Marketing is so much more than fun and fluff. That’s what I would call it. Marketing is real business value, and marketing brings major, major business value. I remember one of the questions I said I had for Huffman engineering when I came and I said, ‘is this a leadership position?’. And I meant that in the means that marketing should always have a seat at the table, because the ROI that comes from marketing – when it’s done right and it’s done well – is so significant that it breeds direct results to your bottom line, to the culture at your organization, to your people, to the projects that you get and to just the value of your organization, the brand that you perceive, everything from the people that you hire to your recruitment strategy, to just the significance of the projects that you can even bid on. They all go back to marketing and people don’t often understand that.
And I think especially in engineering – again, where they live in the highly technical, very close up in the weeds – and they do it with excellence and they do it with incredible talent and I think it’s awesome. But there is an opportunity for engineers to really find a whole other gear to maybe speak in their terms a little bit, a whole new gear of business if they will embrace marketing and see a whole new level of business that can really take them to a whole other level of competition on the world stage, I believe.
Sabrina Kilgore – Concept Systems Inc
If you could just say your name, title, and what company you’re with.
My name is Sabrina Kilgore. I’m the Marketing Manager at Concept Systems Inc. Based out of Oregon.
What are you here to get out of the conference?
I’m to network with other like-minded individuals, specifically in marketing. There’s not many opportunities where I can meet up with other marketers, marketing towards engineers, additionally, other system integrators. It’s such a niche environment that it’s nice to be around other people in the industry once a year.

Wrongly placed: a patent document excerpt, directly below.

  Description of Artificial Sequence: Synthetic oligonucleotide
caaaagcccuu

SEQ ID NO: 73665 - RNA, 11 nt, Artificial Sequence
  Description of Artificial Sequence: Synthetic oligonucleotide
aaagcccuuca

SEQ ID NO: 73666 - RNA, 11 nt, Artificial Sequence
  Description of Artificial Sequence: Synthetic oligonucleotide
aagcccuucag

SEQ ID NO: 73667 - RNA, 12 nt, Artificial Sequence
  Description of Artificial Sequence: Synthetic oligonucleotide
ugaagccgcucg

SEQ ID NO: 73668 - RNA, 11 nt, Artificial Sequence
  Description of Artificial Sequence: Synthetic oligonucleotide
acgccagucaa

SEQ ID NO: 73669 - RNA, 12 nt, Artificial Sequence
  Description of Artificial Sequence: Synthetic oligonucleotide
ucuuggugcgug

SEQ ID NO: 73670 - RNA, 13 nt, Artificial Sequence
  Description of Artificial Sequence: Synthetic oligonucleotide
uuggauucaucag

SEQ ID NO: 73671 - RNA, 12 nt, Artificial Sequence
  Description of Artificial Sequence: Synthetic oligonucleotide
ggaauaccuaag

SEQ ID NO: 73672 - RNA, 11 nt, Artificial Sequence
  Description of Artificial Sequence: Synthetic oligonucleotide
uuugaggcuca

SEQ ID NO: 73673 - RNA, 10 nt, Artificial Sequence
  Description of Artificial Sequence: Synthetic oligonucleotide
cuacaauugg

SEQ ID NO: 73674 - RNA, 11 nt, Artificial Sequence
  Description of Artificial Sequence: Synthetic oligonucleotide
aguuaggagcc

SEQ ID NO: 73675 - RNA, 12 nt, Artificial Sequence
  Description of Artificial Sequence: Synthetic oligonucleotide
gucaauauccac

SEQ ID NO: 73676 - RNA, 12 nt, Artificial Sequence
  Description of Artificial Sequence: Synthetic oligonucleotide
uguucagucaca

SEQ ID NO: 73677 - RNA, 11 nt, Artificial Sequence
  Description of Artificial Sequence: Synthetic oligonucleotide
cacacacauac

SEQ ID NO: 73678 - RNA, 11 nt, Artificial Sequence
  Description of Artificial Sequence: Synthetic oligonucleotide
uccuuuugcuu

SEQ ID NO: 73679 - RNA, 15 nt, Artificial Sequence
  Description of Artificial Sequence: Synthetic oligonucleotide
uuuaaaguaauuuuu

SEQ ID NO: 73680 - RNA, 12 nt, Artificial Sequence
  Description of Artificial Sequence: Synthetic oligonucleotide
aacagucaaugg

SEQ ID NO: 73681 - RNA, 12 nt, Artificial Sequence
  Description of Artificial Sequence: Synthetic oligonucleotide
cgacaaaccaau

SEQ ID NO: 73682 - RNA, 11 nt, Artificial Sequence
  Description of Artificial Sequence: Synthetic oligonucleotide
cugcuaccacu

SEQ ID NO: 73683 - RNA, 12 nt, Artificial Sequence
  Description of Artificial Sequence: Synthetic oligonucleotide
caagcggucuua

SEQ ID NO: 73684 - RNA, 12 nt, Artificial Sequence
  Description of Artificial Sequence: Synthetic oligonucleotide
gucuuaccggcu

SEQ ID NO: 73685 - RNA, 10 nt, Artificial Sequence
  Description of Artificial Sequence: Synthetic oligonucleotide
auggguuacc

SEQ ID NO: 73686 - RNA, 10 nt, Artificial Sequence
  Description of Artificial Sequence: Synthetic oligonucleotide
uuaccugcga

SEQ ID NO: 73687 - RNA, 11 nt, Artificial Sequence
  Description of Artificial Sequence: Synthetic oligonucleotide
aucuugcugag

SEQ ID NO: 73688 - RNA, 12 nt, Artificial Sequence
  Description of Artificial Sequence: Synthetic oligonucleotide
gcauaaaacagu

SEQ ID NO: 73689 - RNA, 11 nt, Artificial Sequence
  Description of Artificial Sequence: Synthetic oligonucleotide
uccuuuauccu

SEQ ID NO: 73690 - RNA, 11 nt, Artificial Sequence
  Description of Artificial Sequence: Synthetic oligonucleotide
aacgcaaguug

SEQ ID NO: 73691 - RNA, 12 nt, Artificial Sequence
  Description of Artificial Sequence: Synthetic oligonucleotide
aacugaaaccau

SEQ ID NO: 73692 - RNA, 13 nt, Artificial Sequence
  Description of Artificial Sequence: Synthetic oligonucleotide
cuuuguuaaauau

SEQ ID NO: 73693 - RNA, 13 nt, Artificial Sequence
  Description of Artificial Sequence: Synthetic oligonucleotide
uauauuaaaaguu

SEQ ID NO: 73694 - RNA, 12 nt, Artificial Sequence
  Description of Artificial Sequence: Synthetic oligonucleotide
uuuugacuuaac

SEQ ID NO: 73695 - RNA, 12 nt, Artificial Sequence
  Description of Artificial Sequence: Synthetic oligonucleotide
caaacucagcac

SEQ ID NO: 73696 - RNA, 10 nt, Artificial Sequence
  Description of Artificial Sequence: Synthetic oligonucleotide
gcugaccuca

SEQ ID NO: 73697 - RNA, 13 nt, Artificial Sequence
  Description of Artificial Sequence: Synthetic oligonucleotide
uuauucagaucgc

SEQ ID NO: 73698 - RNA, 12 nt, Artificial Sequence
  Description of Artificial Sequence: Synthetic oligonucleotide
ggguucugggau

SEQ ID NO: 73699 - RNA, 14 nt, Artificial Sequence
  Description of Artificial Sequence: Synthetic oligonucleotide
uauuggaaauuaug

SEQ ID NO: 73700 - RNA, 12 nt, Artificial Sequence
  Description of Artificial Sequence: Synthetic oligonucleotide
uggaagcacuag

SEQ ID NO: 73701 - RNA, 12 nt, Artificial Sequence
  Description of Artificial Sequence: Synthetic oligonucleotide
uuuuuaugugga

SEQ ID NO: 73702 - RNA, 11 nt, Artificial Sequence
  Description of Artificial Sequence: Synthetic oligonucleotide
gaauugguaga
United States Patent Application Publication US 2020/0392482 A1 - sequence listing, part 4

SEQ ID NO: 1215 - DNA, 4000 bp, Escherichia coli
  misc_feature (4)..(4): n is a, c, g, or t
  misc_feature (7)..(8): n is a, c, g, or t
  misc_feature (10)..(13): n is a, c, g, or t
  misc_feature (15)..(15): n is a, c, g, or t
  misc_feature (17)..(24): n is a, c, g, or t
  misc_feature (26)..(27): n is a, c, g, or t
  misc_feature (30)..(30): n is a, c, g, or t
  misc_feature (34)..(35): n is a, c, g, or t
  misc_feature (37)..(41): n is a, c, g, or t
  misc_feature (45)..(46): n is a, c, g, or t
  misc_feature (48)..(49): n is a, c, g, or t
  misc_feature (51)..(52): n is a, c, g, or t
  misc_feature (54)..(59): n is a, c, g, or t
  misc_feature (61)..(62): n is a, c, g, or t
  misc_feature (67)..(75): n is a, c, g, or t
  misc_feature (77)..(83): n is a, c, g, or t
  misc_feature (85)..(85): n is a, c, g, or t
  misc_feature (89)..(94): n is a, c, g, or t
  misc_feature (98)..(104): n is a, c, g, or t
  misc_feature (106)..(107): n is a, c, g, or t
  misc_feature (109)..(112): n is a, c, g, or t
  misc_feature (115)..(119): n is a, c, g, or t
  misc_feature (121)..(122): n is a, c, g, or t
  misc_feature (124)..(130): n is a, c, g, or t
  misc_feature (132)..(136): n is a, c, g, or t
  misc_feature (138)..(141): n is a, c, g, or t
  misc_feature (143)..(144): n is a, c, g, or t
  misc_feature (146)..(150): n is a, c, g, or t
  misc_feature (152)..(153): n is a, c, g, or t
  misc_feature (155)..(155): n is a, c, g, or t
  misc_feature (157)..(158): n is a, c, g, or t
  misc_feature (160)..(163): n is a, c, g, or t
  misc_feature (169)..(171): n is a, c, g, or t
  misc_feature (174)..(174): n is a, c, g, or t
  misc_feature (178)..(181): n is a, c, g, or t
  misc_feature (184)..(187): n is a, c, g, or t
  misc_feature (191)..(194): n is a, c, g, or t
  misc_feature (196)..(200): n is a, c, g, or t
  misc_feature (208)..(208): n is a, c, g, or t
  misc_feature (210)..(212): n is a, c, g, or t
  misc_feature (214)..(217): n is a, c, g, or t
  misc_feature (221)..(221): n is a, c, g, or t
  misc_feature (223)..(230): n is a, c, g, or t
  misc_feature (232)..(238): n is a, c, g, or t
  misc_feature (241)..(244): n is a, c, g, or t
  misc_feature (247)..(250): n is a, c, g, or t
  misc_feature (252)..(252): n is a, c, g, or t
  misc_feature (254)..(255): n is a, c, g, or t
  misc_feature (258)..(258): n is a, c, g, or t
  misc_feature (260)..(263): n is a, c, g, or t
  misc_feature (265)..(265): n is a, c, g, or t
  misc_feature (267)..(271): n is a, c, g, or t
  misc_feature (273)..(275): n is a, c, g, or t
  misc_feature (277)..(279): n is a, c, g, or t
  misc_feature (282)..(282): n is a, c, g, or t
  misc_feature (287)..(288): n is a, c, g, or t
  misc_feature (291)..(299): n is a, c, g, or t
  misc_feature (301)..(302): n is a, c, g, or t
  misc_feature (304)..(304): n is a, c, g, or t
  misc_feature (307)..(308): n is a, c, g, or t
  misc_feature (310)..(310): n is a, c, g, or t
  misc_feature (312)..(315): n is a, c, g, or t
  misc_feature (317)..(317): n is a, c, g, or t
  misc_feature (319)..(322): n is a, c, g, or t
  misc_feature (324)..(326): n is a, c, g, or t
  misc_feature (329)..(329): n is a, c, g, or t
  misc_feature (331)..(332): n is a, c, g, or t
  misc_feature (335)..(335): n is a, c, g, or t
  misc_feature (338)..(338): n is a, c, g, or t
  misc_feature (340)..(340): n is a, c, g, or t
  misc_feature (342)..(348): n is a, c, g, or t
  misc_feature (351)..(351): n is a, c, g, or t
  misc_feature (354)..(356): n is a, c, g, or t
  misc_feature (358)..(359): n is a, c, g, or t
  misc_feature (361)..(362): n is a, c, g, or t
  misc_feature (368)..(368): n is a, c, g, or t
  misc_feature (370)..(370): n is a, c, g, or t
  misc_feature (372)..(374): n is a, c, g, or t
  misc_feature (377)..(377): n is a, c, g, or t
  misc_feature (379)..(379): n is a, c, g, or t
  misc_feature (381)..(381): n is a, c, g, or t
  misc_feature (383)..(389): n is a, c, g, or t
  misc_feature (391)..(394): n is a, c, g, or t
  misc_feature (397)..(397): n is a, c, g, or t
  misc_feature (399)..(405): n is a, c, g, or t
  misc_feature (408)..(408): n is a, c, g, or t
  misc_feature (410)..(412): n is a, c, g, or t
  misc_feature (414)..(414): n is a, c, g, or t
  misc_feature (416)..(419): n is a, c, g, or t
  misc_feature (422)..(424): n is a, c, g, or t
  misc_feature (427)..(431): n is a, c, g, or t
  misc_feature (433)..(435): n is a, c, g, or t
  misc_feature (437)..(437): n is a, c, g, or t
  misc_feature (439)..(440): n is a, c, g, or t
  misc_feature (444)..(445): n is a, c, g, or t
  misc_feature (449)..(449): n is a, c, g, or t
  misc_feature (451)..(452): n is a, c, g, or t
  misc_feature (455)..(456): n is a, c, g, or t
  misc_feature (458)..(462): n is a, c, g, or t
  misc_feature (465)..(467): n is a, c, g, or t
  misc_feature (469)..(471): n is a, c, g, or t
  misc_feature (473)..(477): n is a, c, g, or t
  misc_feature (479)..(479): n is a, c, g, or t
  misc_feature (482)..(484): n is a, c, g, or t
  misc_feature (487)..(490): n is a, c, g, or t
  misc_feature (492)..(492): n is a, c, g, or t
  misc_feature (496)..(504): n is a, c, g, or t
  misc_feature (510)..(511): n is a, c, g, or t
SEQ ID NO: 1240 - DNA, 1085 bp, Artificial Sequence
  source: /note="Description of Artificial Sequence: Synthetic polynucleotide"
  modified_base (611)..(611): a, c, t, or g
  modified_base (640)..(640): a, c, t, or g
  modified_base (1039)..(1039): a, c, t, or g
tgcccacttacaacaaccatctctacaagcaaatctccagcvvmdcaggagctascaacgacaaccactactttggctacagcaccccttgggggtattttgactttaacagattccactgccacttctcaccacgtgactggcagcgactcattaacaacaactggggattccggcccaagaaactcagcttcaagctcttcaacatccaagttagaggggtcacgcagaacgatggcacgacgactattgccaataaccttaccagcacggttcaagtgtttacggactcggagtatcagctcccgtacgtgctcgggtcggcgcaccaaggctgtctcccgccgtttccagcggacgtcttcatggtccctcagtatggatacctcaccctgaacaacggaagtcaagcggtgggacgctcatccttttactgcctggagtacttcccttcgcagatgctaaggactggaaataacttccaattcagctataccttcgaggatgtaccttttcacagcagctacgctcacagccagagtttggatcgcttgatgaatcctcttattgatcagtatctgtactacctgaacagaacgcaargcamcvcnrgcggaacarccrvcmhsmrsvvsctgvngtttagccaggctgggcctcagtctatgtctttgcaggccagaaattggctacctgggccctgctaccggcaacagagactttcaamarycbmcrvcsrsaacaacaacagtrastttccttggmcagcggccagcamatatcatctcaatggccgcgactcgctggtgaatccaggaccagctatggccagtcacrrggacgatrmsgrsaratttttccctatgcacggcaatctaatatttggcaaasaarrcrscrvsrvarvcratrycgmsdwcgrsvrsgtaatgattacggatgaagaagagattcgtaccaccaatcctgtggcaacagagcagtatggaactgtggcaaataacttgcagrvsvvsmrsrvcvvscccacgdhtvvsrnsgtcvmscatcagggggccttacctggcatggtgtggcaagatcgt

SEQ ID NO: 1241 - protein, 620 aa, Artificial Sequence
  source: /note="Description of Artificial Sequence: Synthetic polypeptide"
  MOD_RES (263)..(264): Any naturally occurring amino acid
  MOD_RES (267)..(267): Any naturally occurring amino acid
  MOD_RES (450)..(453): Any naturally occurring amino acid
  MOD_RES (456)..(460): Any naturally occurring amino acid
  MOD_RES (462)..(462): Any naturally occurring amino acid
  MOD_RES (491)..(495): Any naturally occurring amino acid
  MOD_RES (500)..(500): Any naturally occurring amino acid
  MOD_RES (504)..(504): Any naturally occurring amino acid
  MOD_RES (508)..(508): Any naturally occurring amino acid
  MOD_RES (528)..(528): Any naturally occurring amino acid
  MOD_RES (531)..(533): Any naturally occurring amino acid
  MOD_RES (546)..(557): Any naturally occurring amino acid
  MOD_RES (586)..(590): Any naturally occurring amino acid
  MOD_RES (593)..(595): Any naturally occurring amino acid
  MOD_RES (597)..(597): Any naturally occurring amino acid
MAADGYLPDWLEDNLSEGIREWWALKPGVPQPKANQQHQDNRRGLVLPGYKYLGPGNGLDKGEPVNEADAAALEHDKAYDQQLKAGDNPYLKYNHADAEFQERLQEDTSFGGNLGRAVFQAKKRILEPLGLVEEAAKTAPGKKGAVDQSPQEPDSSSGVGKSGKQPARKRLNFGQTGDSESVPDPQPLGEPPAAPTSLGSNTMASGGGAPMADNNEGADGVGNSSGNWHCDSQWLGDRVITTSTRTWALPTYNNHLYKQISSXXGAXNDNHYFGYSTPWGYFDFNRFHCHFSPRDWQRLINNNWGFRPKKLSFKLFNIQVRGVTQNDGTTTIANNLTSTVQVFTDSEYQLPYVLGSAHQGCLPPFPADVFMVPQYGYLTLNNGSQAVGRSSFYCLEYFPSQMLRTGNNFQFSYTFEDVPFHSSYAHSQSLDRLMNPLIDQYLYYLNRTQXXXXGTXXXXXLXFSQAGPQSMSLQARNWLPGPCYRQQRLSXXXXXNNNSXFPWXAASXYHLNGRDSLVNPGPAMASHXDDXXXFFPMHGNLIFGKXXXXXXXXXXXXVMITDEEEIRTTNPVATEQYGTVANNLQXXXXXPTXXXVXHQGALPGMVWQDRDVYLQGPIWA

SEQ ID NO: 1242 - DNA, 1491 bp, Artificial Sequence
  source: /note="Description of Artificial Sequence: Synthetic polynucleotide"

What have you enjoyed most about the conference so far and what are you looking forward to?
I think the two keynote speakers today have been great, inspiring both of them about leadership. A real growth mindset, kind of work ethic. It means a lot to me, everybody’s a leader. That’s really what I try to weigh heavily on.
What do you think the future of the industry is looking like or what are you looking forward to?
I think we’re all talking about this looming recession or give it whatever title. And I think automation is where we’re seeing the future go towards.
And specific to you, because you’re a marketing person at your company and really the only marketing person at your company, why do you think marketing is important to system integrators?
You ask people what a system integrator is or what they do. It was said this morning even, that it’s difficult to define it. And so if we can market it with pictures and other content and all the bells and whistles, I think it can really humanize it, or normalize it, outside of the niche. People can begin to understand the value in system integration.
And because you are a marketing person at your company without an engineering background, what do you wish that more system integrators could understand or appreciate about marketing?
I think about the value of marketing and how it feeds the sales team. I don’t think historically that there’s been an effort to make that make sense. These are engineering firms led by engineers, founded by engineers, and marketing is sort of a arts and crafts scenario to them. And I think if they understood the value… I listened to a lot of things about how millennials and Gen Z individuals are coming up and how they’re marketed towards entirely different, in a different manner than those before them. I think it matters and they need to pay attention. It’s not just word of mouth. Now they’re online, they’re paying attention to reviews and what other people are saying, regardless of what neighborhoods you’re living in or what state you’re from, they’ll come to find the best person and not just the person down the street.